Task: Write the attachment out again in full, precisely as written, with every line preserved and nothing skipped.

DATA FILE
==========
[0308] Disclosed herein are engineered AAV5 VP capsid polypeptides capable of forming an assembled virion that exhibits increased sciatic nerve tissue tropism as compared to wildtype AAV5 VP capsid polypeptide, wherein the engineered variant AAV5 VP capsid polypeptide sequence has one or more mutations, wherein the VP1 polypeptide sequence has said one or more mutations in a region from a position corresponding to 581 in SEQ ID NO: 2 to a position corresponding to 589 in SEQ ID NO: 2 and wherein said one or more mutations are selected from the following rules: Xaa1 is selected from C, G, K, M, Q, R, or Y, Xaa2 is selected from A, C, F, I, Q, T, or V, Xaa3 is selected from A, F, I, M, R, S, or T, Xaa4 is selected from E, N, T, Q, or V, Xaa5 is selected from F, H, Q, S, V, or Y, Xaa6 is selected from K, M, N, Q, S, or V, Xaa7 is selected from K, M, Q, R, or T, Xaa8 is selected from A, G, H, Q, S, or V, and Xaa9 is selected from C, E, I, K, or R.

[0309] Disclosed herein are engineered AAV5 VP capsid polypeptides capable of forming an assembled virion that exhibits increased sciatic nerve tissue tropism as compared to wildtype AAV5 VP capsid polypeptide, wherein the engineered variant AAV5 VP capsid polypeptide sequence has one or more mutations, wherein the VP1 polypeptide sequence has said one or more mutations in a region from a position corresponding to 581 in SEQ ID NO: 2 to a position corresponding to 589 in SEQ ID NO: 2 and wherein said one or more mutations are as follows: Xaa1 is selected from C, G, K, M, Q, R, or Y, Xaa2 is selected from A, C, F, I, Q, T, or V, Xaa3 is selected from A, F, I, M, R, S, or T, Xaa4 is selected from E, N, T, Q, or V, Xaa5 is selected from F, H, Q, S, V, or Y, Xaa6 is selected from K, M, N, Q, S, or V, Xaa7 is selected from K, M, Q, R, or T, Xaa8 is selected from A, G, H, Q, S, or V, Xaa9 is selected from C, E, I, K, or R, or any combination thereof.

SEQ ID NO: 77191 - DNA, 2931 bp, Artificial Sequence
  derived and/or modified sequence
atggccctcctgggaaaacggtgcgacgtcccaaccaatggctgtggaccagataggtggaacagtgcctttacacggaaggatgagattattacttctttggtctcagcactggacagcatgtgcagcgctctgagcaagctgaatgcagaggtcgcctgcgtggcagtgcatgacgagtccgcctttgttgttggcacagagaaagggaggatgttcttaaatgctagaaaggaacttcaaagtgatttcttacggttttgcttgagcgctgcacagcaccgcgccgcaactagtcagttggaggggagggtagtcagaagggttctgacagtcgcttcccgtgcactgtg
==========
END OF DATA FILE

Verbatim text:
[0308] Disclosed herein are engineered AAV5 VP capsid polypeptides capable of forming an assembled virion that exhibits increased sciatic nerve tissue tropism as compared to wildtype AAV5 VP capsid polypeptide, wherein the engineered variant AAV5 VP capsid polypeptide sequence has one or more mutations, wherein the VP1 polypeptide sequence has said one or more mutations in a region from a position corresponding to 581 in SEQ ID NO: 2 to a position corresponding to 589 in SEQ ID NO: 2 and wherein said one or more mutations are selected from the following rules: Xaa1 is selected from C, G, K, M, Q, R, or Y, Xaa2 is selected from A, C, F, I, Q, T, or V, Xaa3 is selected from A, F, I, M, R, S, or T, Xaa4 is selected from E, N, T, Q, or V, Xaa5 is selected from F, H, Q, S, V, or Y, Xaa6 is selected from K, M, N, Q, S, or V, Xaa7 is selected from K, M, Q, R, or T, Xaa8 is selected from A, G, H, Q, S, or V, and Xaa9 is selected from C, E, I, K, or R.

[0309] Disclosed herein are engineered AAV5 VP capsid polypeptides capable of forming an assembled virion that exhibits increased sciatic nerve tissue tropism as compared to wildtype AAV5 VP capsid polypeptide, wherein the engineered variant AAV5 VP capsid polypeptide sequence has one or more mutations, wherein the VP1 polypeptide sequence has said one or more mutations in a region from a position corresponding to 581 in SEQ ID NO: 2 to a position corresponding to 589 in SEQ ID NO: 2 and wherein said one or more mutations are as follows: Xaa1 is selected from C, G, K, M, Q, R, or Y, Xaa2 is selected from A, C, F, I, Q, T, or V, Xaa3 is selected from A, F, I, M, R, S, or T, Xaa4 is selected from E, N, T, Q, or V, Xaa5 is selected from F, H, Q, S, V, or Y, Xaa6 is selected from K, M, N, Q, S, or V, Xaa7 is selected from K, M, Q, R, or T, Xaa8 is selected from A, G, H, Q, S, or V, Xaa9 is selected from C, E, I, K, or R, or any combination thereof.

SEQ ID NO: 77191 - DNA, 2931 bp, Artificial Sequence
  derived and/or modified sequence
atggccctcctgggaaaacggtgcgacgtcccaaccaatggctgtggaccagataggtggaacagtgcctttacacggaaggatgagattattacttctttggtctcagcactggacagcatgtgcagcgctctgagcaagctgaatgcagaggtcgcctgcgtggcagtgcatgacgagtccgcctttgttgttggcacagagaaagggaggatgttcttaaatgctagaaaggaacttcaaagtgatttcttacggttttgcttgagcgctgcacagcaccgcgccgcaactagtcagttggaggggagggtagtcagaagggttctgacagtcgcttcccgtgcactgtg